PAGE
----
Community needs medical center

The nursing team of Doctors Medical Center is its backbone and we are committed to the hospital's survival.

Times articles about the center's future rightly pointed out West Contra Costa Healthcare District cannot cut its way out of its fiscal mess by slashing compensation of its dedicated staff.

The federal and state government must reverse reimbursement reductions by Medicaid and Medi-Cal to Doctors and other community hospitals.

County government leadership and the for-profit hospital industry ought not turn their backs. Instead, Doctors and other community hospitals represent opportunities for strategic alliances and affiliations. Together, they can either let the safety net be pulled apart or they can seize the moment and collectively recommit values of quality care for all.

Andra' Kaminsky

Pinole

Kaminsky is the director of the intensive care unit and emergency department at Doctors Medical Center.

Donate to Lindsay Wildlife Museum

What if you found injured or orphaned wildlife and had no where to take it for care? What if there were no Lindsay Wildlife Museum hospital there to help? What would you do?

This year, in the holiday spirit of helping the needy, please consider making a donation to the often overlooked hospital that helps nearly 6,000 animals a year. The Walnut Creek facility, where I have been a volunteer since 2006, provides a real community service and is in desperate need of donations to continue helping animals and people.

Now is a perfect time to adopt an animal or simply donate to one of the best causes right here in our own backyard.

Kerry Kilmer

Martinez

New warhead needs five years of study

Livermore Lab has been pushing Congress to move forward with the development of a dangerous new nuclear warhead. Most of the research and development would take place in Livermore.

This project, estimated to cost upward of $14 billion, would mix elements from several existing nuclear weapons.

Some components would come from the Navy's submarine-based W88, some from the Air Force's silo-based W8, and some from other weapon designs.

This mash up of three or more different warheads would create an untested Frankenbomb with new military capabilities, thereby violating our nuclear non-proliferation treaty obligations and encouraging other nations to undertake similar new weapons programs.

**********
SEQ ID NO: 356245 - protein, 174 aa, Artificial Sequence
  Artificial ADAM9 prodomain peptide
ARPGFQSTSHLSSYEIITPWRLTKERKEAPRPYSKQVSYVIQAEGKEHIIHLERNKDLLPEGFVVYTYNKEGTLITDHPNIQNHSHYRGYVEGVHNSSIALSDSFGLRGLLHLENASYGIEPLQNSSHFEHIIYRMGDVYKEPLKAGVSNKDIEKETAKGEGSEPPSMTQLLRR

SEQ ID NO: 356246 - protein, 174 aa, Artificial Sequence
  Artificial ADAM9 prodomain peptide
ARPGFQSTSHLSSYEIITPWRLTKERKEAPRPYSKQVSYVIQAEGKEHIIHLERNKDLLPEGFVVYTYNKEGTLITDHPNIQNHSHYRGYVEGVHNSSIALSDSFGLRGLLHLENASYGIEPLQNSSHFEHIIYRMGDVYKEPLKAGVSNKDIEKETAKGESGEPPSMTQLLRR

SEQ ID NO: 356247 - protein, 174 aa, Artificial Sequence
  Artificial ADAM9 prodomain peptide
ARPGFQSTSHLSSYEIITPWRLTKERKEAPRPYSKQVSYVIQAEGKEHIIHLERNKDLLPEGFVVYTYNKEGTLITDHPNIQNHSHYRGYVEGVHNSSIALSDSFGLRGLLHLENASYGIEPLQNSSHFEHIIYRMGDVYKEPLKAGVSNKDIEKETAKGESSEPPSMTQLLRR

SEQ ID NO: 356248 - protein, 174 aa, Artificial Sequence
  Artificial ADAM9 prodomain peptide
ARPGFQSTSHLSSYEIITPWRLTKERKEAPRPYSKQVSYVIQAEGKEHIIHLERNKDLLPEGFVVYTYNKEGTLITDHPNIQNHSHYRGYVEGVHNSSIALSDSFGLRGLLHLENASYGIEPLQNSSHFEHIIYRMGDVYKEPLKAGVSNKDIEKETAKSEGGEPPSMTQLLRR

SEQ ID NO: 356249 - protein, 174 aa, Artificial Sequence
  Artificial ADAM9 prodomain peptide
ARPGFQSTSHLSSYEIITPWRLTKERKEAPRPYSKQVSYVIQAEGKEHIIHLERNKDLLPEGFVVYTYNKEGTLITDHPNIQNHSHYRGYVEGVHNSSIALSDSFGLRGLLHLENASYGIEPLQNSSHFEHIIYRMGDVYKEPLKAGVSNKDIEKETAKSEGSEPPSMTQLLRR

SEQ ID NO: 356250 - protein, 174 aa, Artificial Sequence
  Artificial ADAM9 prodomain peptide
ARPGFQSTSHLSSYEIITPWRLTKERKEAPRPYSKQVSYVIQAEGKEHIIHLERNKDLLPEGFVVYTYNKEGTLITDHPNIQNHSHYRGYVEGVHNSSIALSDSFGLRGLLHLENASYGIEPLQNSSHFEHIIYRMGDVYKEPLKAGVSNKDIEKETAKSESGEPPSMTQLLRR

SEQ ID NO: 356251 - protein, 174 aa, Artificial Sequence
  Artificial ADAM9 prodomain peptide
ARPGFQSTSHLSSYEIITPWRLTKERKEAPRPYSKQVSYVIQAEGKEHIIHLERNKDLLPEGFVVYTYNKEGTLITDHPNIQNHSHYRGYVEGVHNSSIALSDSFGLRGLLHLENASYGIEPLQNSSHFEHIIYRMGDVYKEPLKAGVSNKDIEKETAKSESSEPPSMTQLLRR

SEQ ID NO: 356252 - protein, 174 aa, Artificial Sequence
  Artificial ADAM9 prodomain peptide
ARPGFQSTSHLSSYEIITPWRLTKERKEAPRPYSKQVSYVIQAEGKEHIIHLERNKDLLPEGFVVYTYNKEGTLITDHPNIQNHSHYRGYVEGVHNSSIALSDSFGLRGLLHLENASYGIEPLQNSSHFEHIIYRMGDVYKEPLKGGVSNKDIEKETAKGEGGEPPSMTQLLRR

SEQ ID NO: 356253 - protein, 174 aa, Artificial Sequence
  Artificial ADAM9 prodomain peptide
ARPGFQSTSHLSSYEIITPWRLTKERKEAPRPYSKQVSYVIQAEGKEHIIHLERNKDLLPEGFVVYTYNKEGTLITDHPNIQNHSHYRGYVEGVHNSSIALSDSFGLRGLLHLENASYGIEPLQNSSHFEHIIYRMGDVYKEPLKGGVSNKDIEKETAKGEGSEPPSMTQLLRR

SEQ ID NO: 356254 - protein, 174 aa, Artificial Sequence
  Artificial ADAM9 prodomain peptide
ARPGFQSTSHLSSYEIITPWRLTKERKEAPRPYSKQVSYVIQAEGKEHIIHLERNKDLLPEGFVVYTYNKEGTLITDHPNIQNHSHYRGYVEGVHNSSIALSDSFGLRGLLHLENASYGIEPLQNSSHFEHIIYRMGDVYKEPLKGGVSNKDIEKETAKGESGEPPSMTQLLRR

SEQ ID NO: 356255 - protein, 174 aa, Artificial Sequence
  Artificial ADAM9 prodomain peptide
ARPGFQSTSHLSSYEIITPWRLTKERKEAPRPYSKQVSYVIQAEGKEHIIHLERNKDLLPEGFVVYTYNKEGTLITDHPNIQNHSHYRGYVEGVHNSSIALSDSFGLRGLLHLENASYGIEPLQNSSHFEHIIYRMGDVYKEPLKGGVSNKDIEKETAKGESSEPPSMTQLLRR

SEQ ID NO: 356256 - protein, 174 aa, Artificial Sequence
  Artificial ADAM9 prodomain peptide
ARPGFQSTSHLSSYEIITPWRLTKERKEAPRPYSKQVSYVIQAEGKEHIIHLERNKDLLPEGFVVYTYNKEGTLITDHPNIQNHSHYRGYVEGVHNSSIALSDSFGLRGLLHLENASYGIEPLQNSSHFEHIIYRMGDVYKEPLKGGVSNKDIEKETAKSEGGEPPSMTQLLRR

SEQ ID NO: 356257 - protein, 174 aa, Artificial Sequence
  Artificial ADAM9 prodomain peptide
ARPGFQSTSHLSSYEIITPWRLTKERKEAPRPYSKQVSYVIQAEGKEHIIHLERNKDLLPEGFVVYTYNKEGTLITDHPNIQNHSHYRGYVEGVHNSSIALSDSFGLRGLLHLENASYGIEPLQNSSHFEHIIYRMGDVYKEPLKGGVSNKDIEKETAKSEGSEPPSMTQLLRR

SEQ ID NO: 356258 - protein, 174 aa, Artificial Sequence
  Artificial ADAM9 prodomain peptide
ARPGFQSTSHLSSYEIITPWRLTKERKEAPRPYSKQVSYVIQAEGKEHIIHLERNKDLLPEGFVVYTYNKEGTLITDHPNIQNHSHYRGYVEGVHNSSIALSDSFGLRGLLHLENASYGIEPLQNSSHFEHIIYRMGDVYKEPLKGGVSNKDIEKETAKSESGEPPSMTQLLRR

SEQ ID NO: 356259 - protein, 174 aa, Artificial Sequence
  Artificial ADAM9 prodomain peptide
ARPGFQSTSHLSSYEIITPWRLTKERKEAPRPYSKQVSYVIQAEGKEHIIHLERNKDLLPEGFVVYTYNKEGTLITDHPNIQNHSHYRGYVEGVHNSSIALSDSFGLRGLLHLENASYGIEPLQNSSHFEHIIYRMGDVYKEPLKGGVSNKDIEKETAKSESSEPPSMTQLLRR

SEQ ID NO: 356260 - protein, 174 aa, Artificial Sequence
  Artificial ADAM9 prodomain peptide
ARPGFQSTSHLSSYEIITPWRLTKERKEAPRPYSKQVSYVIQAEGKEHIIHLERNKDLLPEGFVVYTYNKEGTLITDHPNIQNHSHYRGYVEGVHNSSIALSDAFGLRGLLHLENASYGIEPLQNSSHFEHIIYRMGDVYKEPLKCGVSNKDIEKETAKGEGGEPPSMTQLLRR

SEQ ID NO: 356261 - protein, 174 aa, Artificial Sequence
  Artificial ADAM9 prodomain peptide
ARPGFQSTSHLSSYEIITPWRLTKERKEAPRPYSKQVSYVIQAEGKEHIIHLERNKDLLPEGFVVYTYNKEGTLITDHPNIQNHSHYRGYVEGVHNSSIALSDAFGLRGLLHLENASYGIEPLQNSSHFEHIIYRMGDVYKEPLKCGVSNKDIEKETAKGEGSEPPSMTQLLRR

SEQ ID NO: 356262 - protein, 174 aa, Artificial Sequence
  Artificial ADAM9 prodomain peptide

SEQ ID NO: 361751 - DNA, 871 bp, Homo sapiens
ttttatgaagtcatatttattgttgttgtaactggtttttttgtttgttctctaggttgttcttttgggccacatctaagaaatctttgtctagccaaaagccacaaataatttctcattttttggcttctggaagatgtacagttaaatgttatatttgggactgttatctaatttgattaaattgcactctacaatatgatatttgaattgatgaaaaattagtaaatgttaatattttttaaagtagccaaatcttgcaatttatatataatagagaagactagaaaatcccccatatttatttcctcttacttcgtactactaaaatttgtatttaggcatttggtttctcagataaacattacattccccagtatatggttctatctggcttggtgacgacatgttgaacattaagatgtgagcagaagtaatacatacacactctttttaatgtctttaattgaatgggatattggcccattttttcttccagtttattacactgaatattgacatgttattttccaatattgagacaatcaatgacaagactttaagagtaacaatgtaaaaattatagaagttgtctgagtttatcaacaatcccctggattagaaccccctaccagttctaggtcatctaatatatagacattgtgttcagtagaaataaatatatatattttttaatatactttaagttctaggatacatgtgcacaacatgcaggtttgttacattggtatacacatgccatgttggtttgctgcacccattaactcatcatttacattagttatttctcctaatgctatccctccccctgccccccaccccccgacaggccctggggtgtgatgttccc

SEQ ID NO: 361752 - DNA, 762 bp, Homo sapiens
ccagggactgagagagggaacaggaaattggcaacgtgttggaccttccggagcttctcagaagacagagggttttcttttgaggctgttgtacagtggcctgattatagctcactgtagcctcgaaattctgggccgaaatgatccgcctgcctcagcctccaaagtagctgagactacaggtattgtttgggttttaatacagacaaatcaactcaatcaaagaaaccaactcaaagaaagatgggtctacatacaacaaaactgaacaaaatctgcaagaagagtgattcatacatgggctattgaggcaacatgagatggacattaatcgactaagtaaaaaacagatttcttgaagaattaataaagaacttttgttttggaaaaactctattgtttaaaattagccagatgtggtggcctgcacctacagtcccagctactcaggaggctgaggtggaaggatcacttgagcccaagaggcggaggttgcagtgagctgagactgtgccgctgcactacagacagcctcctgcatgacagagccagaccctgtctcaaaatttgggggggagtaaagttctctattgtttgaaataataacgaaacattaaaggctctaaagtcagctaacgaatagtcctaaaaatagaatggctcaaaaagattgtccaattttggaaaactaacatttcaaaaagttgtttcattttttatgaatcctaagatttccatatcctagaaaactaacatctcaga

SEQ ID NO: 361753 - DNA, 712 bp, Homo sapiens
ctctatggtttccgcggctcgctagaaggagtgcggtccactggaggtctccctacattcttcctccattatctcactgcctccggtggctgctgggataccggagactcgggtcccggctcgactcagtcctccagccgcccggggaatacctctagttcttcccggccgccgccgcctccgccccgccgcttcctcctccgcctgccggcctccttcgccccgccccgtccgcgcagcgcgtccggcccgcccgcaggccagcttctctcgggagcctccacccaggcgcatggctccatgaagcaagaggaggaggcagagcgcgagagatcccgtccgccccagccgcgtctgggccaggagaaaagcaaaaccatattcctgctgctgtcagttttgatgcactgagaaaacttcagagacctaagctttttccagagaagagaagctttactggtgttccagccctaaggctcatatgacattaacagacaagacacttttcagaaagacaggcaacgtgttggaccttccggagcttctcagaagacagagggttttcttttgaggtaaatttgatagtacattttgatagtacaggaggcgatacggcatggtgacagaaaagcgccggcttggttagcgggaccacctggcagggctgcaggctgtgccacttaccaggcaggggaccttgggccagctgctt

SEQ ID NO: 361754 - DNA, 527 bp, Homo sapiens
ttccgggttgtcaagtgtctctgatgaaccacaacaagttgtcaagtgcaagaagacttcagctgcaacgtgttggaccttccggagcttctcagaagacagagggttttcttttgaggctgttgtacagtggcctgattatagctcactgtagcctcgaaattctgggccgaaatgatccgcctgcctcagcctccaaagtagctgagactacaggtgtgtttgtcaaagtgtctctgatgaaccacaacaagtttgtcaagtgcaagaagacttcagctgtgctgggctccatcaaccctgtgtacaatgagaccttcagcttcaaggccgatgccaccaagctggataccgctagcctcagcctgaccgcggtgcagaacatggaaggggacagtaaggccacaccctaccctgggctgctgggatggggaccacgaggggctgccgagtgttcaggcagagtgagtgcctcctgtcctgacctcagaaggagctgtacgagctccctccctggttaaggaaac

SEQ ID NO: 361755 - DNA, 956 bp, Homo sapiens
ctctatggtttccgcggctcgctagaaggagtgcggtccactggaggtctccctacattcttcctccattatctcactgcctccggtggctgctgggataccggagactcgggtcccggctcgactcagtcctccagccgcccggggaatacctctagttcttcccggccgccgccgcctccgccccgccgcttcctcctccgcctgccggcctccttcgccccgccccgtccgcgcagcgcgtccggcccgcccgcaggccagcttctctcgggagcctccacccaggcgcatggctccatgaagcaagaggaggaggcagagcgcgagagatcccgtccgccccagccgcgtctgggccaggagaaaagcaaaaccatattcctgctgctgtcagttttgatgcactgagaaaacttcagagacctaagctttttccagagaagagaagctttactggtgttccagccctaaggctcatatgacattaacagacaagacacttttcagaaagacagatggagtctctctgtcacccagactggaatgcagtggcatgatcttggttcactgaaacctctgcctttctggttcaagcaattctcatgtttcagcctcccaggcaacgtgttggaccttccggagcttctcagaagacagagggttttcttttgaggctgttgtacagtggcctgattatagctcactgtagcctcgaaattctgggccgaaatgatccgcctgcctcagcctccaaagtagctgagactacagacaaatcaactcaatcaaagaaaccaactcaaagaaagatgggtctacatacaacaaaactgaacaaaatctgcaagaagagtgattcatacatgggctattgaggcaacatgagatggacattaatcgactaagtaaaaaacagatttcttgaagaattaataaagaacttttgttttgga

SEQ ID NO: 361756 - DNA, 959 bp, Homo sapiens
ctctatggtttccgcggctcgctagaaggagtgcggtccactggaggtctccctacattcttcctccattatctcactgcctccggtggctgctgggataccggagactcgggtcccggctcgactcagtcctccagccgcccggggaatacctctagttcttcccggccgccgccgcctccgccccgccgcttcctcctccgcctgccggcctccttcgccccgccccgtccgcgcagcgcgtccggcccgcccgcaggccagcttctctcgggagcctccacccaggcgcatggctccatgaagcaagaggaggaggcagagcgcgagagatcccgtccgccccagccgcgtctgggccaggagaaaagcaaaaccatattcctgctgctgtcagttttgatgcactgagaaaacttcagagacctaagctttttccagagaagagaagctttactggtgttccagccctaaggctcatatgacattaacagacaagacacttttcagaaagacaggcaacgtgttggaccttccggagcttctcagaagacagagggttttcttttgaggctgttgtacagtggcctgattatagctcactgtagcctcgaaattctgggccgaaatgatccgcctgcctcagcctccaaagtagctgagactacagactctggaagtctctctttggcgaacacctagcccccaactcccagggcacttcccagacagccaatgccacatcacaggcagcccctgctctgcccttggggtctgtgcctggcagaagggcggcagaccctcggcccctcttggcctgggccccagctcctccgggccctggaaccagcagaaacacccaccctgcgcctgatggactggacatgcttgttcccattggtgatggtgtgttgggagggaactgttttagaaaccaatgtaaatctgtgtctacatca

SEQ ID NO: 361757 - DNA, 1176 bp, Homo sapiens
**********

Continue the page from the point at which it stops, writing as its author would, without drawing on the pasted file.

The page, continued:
Because the Navy and others have objected to the interoperable warhead's costs as well as the radical nature of the proposed new design, the Obama administration could, and should, impose a 5-year delay on the program to study alternatives.

The Livermore-based Tri-Valley CARES has brought important information to light about this new warhead and continues to challenge this dangerous and costly program.

The group serves as an important check on the Lab's otherwise unfettered nuclear ambitions. Check out their work at www.trivalleycares.org.

Scott Yundt

Oakland

Asiana accident details disturbing

Passengers flying with any airline assume the captain is in charge and in control of the airplane on which they are flying. This just is common sense and is a reasonable expectation for all passengers.

The recent hearing in Washington, D.C., on the Asiana crash paints a picture that is disturbing, to say the least.

The pilot expressed great anxiety about his first landing of a Boeing 777 at San Francisco airport. The pilot's lack of knowledge of some pretty basic and crucial control functions of the aircraft he was flying is baffling. How could such an individual be let loose to fly this airplane?

He clearly was not in control of the aircraft. He was depending on automation somehow to bail him out while he was flying too low and too slow with his engines in idle mode.

The senior pilot was making his inaugural flight as a trainer evaluating the pilot in charge of the aircraft. The combination of two trainees in charge of the aircraft does not seem to be appropriate when the lives of more than 300 people are dependent on competence in the cockpit.

Evo Alexandre

Moraga